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Figure 4. Chemical composition (a) and mechanofluorescent response for LSCEs EM4_CBZN2_10 (b), EM4_CBZN3_10 (c), EM4_CBZN6_10 (d) and EM4_CBZN11_10 (e) [57]. (Copyright from PCCP Owner Societies 2016).
Figure 4. Chemical composition (a) and mechanofluorescent response for LSCEs EM4_CBZN2_10 (b), EM4_CBZN3_10 (c), EM4_CBZN6_10 (d) and EM4_CBZN11_10 (e) [57]. (Copyright from PCCP Owner Societies 2016).
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Figure 5. Chemical composition (a,b) and mechanofluorescent response (c,d) for the end-on (a,c) and side-on (b,d) LSCEs EM4_CBZO6_10 and EM4_CBZN6_OMe_10. Mechanofluorescent response for end-on elastomers with a different flexible spacer length (e,f) [58]. (Copyright from ACS Applied Polymer Materials 2019).
Figure 5. Chemical composition (a,b) and mechanofluorescent response (c,d) for the end-on (a,c) and side-on (b,d) LSCEs EM4_CBZO6_10 and EM4_CBZN6_OMe_10. Mechanofluorescent response for end-on elastomers with a different flexible spacer length (e,f) [58]. (Copyright from ACS Applied Polymer Materials 2019).
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Figure 6. Chemical composition (a) and mechanofluorescent response (b) for the smectic LSCEs EM10_CBZN2_10, EM10_CBZN6_10, EM10_CBZN10_10 and EM10_CBZN11_10. The red empty circles indicate the mechanofluorescent response of elastomer EM10_CBZN10_10 at 328 K, i.e., within the thermal range of stability of its smectic A mesophase [59]. (Copyright from Wiley-VCH Verlag GmbH & Co. KGaA 2018).
Figure 6. Chemical composition (a) and mechanofluorescent response (b) for the smectic LSCEs EM10_CBZN2_10, EM10_CBZN6_10, EM10_CBZN10_10 and EM10_CBZN11_10. The red empty circles indicate the mechanofluorescent response of elastomer EM10_CBZN10_10 at 328 K, i.e., within the thermal range of stability of its smectic A mesophase [59]. (Copyright from Wiley-VCH Verlag GmbH & Co. KGaA 2018).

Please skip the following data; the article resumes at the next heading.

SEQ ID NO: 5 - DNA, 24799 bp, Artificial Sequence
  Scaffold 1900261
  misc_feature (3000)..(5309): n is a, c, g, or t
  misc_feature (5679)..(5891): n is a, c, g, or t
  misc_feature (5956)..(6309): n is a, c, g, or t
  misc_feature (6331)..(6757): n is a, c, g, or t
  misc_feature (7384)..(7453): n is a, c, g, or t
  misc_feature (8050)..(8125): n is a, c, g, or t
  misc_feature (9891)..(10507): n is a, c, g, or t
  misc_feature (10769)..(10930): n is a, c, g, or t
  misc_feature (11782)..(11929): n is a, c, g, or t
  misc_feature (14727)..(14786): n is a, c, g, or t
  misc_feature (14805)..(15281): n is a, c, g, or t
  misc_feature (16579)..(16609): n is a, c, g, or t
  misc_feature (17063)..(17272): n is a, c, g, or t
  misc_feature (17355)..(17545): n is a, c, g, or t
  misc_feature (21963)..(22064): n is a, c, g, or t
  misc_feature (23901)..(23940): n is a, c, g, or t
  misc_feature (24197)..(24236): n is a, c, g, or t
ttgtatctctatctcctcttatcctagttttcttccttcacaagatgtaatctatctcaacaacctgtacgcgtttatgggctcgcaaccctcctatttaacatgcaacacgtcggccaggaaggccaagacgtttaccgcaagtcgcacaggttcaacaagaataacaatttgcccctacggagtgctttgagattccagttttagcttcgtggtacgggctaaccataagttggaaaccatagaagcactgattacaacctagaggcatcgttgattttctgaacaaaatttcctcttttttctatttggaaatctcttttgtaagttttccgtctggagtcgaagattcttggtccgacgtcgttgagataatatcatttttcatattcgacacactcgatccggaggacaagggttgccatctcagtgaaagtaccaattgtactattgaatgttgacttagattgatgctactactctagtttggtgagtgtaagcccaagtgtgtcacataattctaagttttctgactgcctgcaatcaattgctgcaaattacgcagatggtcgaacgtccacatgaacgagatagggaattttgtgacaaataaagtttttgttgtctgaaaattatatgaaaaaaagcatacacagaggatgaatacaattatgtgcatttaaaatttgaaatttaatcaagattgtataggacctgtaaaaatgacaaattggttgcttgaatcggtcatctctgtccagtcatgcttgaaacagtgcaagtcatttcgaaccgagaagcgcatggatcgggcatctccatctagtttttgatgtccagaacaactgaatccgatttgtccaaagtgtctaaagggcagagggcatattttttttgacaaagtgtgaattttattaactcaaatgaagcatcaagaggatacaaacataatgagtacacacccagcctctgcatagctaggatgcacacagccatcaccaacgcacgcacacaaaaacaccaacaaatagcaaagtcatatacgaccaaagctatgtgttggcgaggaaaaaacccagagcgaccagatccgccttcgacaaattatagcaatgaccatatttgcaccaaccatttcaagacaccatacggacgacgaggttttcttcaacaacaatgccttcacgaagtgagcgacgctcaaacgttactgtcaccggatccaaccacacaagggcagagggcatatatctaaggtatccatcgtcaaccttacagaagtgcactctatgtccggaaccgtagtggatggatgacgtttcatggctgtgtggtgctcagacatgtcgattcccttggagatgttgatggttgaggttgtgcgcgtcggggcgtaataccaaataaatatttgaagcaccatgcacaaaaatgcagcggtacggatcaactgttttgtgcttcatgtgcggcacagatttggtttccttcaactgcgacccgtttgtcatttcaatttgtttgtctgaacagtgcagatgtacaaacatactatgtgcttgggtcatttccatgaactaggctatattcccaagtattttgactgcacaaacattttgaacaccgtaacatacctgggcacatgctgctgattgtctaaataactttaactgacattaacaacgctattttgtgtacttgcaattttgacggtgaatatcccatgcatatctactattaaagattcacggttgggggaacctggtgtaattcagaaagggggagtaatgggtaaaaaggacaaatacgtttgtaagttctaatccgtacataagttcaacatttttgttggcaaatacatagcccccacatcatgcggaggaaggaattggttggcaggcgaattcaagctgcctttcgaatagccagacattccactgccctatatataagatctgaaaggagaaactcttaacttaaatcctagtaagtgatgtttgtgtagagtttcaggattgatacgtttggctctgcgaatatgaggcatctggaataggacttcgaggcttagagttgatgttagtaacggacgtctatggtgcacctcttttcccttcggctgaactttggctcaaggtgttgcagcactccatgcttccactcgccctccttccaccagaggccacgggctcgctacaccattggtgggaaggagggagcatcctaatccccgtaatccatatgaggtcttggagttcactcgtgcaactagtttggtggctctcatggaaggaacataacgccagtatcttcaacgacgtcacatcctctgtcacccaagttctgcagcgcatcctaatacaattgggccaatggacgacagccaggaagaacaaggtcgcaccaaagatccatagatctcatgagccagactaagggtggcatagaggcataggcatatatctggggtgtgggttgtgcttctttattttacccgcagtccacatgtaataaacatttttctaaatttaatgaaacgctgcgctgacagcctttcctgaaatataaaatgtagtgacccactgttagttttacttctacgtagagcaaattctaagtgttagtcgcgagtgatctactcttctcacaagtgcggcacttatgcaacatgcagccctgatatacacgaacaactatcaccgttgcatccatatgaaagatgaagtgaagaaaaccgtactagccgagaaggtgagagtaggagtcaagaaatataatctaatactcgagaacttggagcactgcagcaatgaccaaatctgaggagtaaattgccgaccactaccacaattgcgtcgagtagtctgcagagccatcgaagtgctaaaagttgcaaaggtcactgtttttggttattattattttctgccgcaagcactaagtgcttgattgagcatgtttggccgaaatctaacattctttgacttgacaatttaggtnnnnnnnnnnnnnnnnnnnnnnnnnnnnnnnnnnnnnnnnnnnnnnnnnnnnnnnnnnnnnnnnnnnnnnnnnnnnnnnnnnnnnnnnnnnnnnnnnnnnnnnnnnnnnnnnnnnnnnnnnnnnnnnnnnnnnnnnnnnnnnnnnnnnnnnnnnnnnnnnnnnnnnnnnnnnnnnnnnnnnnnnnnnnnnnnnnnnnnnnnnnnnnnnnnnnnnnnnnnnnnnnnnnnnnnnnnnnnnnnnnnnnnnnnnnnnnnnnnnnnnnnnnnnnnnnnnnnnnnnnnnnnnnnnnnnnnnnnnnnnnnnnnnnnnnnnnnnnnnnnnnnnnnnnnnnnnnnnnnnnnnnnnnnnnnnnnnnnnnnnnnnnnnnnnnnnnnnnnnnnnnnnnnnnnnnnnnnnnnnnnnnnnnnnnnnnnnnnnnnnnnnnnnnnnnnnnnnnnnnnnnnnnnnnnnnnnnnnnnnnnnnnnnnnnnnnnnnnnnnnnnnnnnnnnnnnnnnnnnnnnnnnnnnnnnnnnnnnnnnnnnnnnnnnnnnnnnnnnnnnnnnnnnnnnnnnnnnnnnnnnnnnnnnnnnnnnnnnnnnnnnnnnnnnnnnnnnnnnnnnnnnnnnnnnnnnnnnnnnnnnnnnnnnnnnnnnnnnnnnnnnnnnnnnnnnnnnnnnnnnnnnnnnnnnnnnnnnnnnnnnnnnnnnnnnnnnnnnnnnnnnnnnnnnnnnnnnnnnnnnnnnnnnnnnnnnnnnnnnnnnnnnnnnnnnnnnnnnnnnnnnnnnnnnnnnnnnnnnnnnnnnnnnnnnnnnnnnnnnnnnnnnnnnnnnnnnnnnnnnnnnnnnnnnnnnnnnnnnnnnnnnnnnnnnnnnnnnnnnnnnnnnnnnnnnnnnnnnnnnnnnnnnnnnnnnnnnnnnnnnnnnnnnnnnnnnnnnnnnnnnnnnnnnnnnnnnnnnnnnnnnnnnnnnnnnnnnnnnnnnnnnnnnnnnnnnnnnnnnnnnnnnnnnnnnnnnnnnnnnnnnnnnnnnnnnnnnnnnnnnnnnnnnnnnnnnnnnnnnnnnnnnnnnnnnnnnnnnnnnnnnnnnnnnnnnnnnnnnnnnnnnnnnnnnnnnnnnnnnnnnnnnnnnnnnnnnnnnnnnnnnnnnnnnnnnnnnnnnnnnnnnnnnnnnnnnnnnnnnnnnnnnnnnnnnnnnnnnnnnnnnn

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Figure 7. Time-resolved mechanofluorescence experiment for LSCE EM4_CBZN6_10 [19]. (Copyright from Wiley-VCH Verlag GmbH & Co. KGaA 2015).
Figure 7. Time-resolved mechanofluorescence experiment for LSCE EM4_CBZN6_10 [19]. (Copyright from Wiley-VCH Verlag GmbH & Co. KGaA 2015).
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Garcia-Amorós, J.; Velasco, D. Structural Features Guiding the Design of Liquid-Crystalline Elastomeric Fluorescent Force Sensors. Appl. Syst. Innov. 2020, 3, 22. https://doi.org/10.3390/asi3020022

AMA Style

Garcia-Amorós J, Velasco D. Structural Features Guiding the Design of Liquid-Crystalline Elastomeric Fluorescent Force Sensors. Applied System Innovation. 2020; 3(2):22. https://doi.org/10.3390/asi3020022

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Garcia-Amorós, Jaume, and Dolores Velasco. 2020. "Structural Features Guiding the Design of Liquid-Crystalline Elastomeric Fluorescent Force Sensors" Applied System Innovation 3, no. 2: 22. https://doi.org/10.3390/asi3020022